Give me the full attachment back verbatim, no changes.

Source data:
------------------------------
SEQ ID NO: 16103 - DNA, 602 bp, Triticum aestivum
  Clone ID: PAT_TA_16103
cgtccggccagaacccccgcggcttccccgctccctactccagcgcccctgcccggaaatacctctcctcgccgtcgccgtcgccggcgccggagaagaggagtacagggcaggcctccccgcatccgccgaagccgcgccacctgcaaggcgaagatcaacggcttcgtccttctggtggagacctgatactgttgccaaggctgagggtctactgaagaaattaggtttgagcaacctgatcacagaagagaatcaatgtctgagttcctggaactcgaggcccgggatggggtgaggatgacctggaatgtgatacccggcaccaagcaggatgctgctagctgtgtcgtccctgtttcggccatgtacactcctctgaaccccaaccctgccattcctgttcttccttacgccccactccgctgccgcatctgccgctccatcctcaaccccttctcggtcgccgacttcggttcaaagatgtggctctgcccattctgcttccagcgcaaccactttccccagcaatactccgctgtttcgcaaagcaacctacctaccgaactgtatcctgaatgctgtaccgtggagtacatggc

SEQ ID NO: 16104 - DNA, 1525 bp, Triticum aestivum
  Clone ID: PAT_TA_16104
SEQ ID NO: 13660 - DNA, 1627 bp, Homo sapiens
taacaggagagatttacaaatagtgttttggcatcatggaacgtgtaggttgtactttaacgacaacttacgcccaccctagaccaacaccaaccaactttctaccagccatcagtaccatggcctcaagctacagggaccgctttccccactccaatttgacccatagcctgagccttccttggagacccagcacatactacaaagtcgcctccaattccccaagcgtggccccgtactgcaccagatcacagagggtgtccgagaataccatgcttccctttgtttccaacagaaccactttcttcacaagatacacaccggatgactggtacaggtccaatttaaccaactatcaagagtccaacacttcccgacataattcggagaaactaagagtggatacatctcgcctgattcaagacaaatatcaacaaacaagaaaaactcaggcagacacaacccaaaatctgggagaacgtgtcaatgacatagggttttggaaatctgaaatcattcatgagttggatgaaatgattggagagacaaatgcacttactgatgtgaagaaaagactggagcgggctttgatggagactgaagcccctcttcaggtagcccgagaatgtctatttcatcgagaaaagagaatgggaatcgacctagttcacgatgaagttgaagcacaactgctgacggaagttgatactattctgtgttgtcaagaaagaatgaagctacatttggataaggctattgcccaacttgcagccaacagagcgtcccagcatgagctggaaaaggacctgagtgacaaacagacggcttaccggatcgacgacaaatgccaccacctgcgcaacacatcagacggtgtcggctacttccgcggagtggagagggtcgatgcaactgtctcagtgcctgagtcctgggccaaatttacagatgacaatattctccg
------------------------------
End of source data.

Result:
SEQ ID NO: 16103 - DNA, 602 bp, Triticum aestivum
  Clone ID: PAT_TA_16103
cgtccggccagaacccccgcggcttccccgctccctactccagcgcccctgcccggaaatacctctcctcgccgtcgccgtcgccggcgccggagaagaggagtacagggcaggcctccccgcatccgccgaagccgcgccacctgcaaggcgaagatcaacggcttcgtccttctggtggagacctgatactgttgccaaggctgagggtctactgaagaaattaggtttgagcaacctgatcacagaagagaatcaatgtctgagttcctggaactcgaggcccgggatggggtgaggatgacctggaatgtgatacccggcaccaagcaggatgctgctagctgtgtcgtccctgtttcggccatgtacactcctctgaaccccaaccctgccattcctgttcttccttacgccccactccgctgccgcatctgccgctccatcctcaaccccttctcggtcgccgacttcggttcaaagatgtggctctgcccattctgcttccagcgcaaccactttccccagcaatactccgctgtttcgcaaagcaacctacctaccgaactgtatcctgaatgctgtaccgtggagtacatggc

SEQ ID NO: 16104 - DNA, 1525 bp, Triticum aestivum
  Clone ID: PAT_TA_16104
SEQ ID NO: 13660 - DNA, 1627 bp, Homo sapiens
taacaggagagatttacaaatagtgttttggcatcatggaacgtgtaggttgtactttaacgacaacttacgcccaccctagaccaacaccaaccaactttctaccagccatcagtaccatggcctcaagctacagggaccgctttccccactccaatttgacccatagcctgagccttccttggagacccagcacatactacaaagtcgcctccaattccccaagcgtggccccgtactgcaccagatcacagagggtgtccgagaataccatgcttccctttgtttccaacagaaccactttcttcacaagatacacaccggatgactggtacaggtccaatttaaccaactatcaagagtccaacacttcccgacataattcggagaaactaagagtggatacatctcgcctgattcaagacaaatatcaacaaacaagaaaaactcaggcagacacaacccaaaatctgggagaacgtgtcaatgacatagggttttggaaatctgaaatcattcatgagttggatgaaatgattggagagacaaatgcacttactgatgtgaagaaaagactggagcgggctttgatggagactgaagcccctcttcaggtagcccgagaatgtctatttcatcgagaaaagagaatgggaatcgacctagttcacgatgaagttgaagcacaactgctgacggaagttgatactattctgtgttgtcaagaaagaatgaagctacatttggataaggctattgcccaacttgcagccaacagagcgtcccagcatgagctggaaaaggacctgagtgacaaacagacggcttaccggatcgacgacaaatgccaccacctgcgcaacacatcagacggtgtcggctacttccgcggagtggagagggtcgatgcaactgtctcagtgcctgagtcctgggccaaatttacagatgacaatattctccg